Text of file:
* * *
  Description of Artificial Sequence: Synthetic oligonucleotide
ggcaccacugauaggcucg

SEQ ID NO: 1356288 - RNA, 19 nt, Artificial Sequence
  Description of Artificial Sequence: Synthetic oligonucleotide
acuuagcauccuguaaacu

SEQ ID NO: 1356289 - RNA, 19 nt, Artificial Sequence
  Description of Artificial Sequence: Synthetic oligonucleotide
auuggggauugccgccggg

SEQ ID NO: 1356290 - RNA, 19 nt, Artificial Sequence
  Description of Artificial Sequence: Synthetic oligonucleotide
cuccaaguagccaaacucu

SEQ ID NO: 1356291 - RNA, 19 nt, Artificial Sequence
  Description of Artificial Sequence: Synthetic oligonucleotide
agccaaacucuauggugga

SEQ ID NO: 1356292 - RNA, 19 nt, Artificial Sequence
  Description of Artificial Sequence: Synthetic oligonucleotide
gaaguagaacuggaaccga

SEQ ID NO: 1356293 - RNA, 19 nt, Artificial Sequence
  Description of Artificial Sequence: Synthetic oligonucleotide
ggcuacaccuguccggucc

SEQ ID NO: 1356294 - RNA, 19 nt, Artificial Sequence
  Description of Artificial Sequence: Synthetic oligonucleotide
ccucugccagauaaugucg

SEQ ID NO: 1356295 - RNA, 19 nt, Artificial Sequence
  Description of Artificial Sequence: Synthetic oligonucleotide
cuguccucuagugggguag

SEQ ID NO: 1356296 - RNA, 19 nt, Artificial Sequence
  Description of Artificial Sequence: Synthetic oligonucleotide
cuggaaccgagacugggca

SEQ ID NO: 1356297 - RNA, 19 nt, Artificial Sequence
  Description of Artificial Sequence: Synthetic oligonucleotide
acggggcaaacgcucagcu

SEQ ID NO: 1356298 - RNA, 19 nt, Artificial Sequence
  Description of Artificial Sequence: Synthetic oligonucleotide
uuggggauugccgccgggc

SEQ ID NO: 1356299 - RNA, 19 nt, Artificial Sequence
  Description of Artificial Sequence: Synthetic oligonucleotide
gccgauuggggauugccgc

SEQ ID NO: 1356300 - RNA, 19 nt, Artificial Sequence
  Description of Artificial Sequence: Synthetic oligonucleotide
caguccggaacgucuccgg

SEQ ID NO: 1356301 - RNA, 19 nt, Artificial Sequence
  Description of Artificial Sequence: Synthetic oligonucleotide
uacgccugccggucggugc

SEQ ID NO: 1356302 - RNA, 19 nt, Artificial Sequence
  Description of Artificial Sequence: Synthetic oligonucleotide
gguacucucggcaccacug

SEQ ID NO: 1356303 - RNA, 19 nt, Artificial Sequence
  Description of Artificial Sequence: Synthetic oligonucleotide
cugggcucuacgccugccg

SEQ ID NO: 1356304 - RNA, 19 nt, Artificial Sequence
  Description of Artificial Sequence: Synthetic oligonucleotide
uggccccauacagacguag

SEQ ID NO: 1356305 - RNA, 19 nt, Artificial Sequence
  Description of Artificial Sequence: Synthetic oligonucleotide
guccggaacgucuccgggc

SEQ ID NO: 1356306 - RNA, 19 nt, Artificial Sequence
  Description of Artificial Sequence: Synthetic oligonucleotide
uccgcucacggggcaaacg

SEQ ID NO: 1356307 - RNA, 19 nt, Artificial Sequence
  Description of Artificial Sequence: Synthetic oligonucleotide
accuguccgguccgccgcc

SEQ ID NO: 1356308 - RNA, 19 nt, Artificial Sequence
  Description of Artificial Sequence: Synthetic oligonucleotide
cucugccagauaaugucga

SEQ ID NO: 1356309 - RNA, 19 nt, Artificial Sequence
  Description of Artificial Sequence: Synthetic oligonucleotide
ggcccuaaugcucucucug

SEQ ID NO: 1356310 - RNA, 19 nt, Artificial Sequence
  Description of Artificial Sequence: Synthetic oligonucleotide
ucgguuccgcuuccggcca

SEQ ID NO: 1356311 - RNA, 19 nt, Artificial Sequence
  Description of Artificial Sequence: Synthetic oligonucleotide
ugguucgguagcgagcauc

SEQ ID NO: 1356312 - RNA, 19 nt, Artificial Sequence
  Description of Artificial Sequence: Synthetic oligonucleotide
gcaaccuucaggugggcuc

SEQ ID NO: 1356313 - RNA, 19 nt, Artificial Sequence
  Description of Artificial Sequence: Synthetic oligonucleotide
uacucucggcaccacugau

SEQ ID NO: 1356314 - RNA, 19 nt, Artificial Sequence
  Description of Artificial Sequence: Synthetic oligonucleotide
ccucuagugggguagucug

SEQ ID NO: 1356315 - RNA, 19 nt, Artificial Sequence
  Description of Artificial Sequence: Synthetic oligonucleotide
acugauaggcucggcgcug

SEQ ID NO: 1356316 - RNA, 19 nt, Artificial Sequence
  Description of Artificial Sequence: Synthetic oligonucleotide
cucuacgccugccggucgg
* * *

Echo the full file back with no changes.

  Description of Artificial Sequence: Synthetic oligonucleotide
ggcaccacugauaggcucg

SEQ ID NO: 1356288 - RNA, 19 nt, Artificial Sequence
  Description of Artificial Sequence: Synthetic oligonucleotide
acuuagcauccuguaaacu

SEQ ID NO: 1356289 - RNA, 19 nt, Artificial Sequence
  Description of Artificial Sequence: Synthetic oligonucleotide
auuggggauugccgccggg

SEQ ID NO: 1356290 - RNA, 19 nt, Artificial Sequence
  Description of Artificial Sequence: Synthetic oligonucleotide
cuccaaguagccaaacucu

SEQ ID NO: 1356291 - RNA, 19 nt, Artificial Sequence
  Description of Artificial Sequence: Synthetic oligonucleotide
agccaaacucuauggugga

SEQ ID NO: 1356292 - RNA, 19 nt, Artificial Sequence
  Description of Artificial Sequence: Synthetic oligonucleotide
gaaguagaacuggaaccga

SEQ ID NO: 1356293 - RNA, 19 nt, Artificial Sequence
  Description of Artificial Sequence: Synthetic oligonucleotide
ggcuacaccuguccggucc

SEQ ID NO: 1356294 - RNA, 19 nt, Artificial Sequence
  Description of Artificial Sequence: Synthetic oligonucleotide
ccucugccagauaaugucg

SEQ ID NO: 1356295 - RNA, 19 nt, Artificial Sequence
  Description of Artificial Sequence: Synthetic oligonucleotide
cuguccucuagugggguag

SEQ ID NO: 1356296 - RNA, 19 nt, Artificial Sequence
  Description of Artificial Sequence: Synthetic oligonucleotide
cuggaaccgagacugggca

SEQ ID NO: 1356297 - RNA, 19 nt, Artificial Sequence
  Description of Artificial Sequence: Synthetic oligonucleotide
acggggcaaacgcucagcu

SEQ ID NO: 1356298 - RNA, 19 nt, Artificial Sequence
  Description of Artificial Sequence: Synthetic oligonucleotide
uuggggauugccgccgggc

SEQ ID NO: 1356299 - RNA, 19 nt, Artificial Sequence
  Description of Artificial Sequence: Synthetic oligonucleotide
gccgauuggggauugccgc

SEQ ID NO: 1356300 - RNA, 19 nt, Artificial Sequence
  Description of Artificial Sequence: Synthetic oligonucleotide
caguccggaacgucuccgg

SEQ ID NO: 1356301 - RNA, 19 nt, Artificial Sequence
  Description of Artificial Sequence: Synthetic oligonucleotide
uacgccugccggucggugc

SEQ ID NO: 1356302 - RNA, 19 nt, Artificial Sequence
  Description of Artificial Sequence: Synthetic oligonucleotide
gguacucucggcaccacug

SEQ ID NO: 1356303 - RNA, 19 nt, Artificial Sequence
  Description of Artificial Sequence: Synthetic oligonucleotide
cugggcucuacgccugccg

SEQ ID NO: 1356304 - RNA, 19 nt, Artificial Sequence
  Description of Artificial Sequence: Synthetic oligonucleotide
uggccccauacagacguag

SEQ ID NO: 1356305 - RNA, 19 nt, Artificial Sequence
  Description of Artificial Sequence: Synthetic oligonucleotide
guccggaacgucuccgggc

SEQ ID NO: 1356306 - RNA, 19 nt, Artificial Sequence
  Description of Artificial Sequence: Synthetic oligonucleotide
uccgcucacggggcaaacg

SEQ ID NO: 1356307 - RNA, 19 nt, Artificial Sequence
  Description of Artificial Sequence: Synthetic oligonucleotide
accuguccgguccgccgcc

SEQ ID NO: 1356308 - RNA, 19 nt, Artificial Sequence
  Description of Artificial Sequence: Synthetic oligonucleotide
cucugccagauaaugucga

SEQ ID NO: 1356309 - RNA, 19 nt, Artificial Sequence
  Description of Artificial Sequence: Synthetic oligonucleotide
ggcccuaaugcucucucug

SEQ ID NO: 1356310 - RNA, 19 nt, Artificial Sequence
  Description of Artificial Sequence: Synthetic oligonucleotide
ucgguuccgcuuccggcca

SEQ ID NO: 1356311 - RNA, 19 nt, Artificial Sequence
  Description of Artificial Sequence: Synthetic oligonucleotide
ugguucgguagcgagcauc

SEQ ID NO: 1356312 - RNA, 19 nt, Artificial Sequence
  Description of Artificial Sequence: Synthetic oligonucleotide
gcaaccuucaggugggcuc

SEQ ID NO: 1356313 - RNA, 19 nt, Artificial Sequence
  Description of Artificial Sequence: Synthetic oligonucleotide
uacucucggcaccacugau

SEQ ID NO: 1356314 - RNA, 19 nt, Artificial Sequence
  Description of Artificial Sequence: Synthetic oligonucleotide
ccucuagugggguagucug

SEQ ID NO: 1356315 - RNA, 19 nt, Artificial Sequence
  Description of Artificial Sequence: Synthetic oligonucleotide
acugauaggcucggcgcug

SEQ ID NO: 1356316 - RNA, 19 nt, Artificial Sequence
  Description of Artificial Sequence: Synthetic oligonucleotide
cucuacgccugccggucgg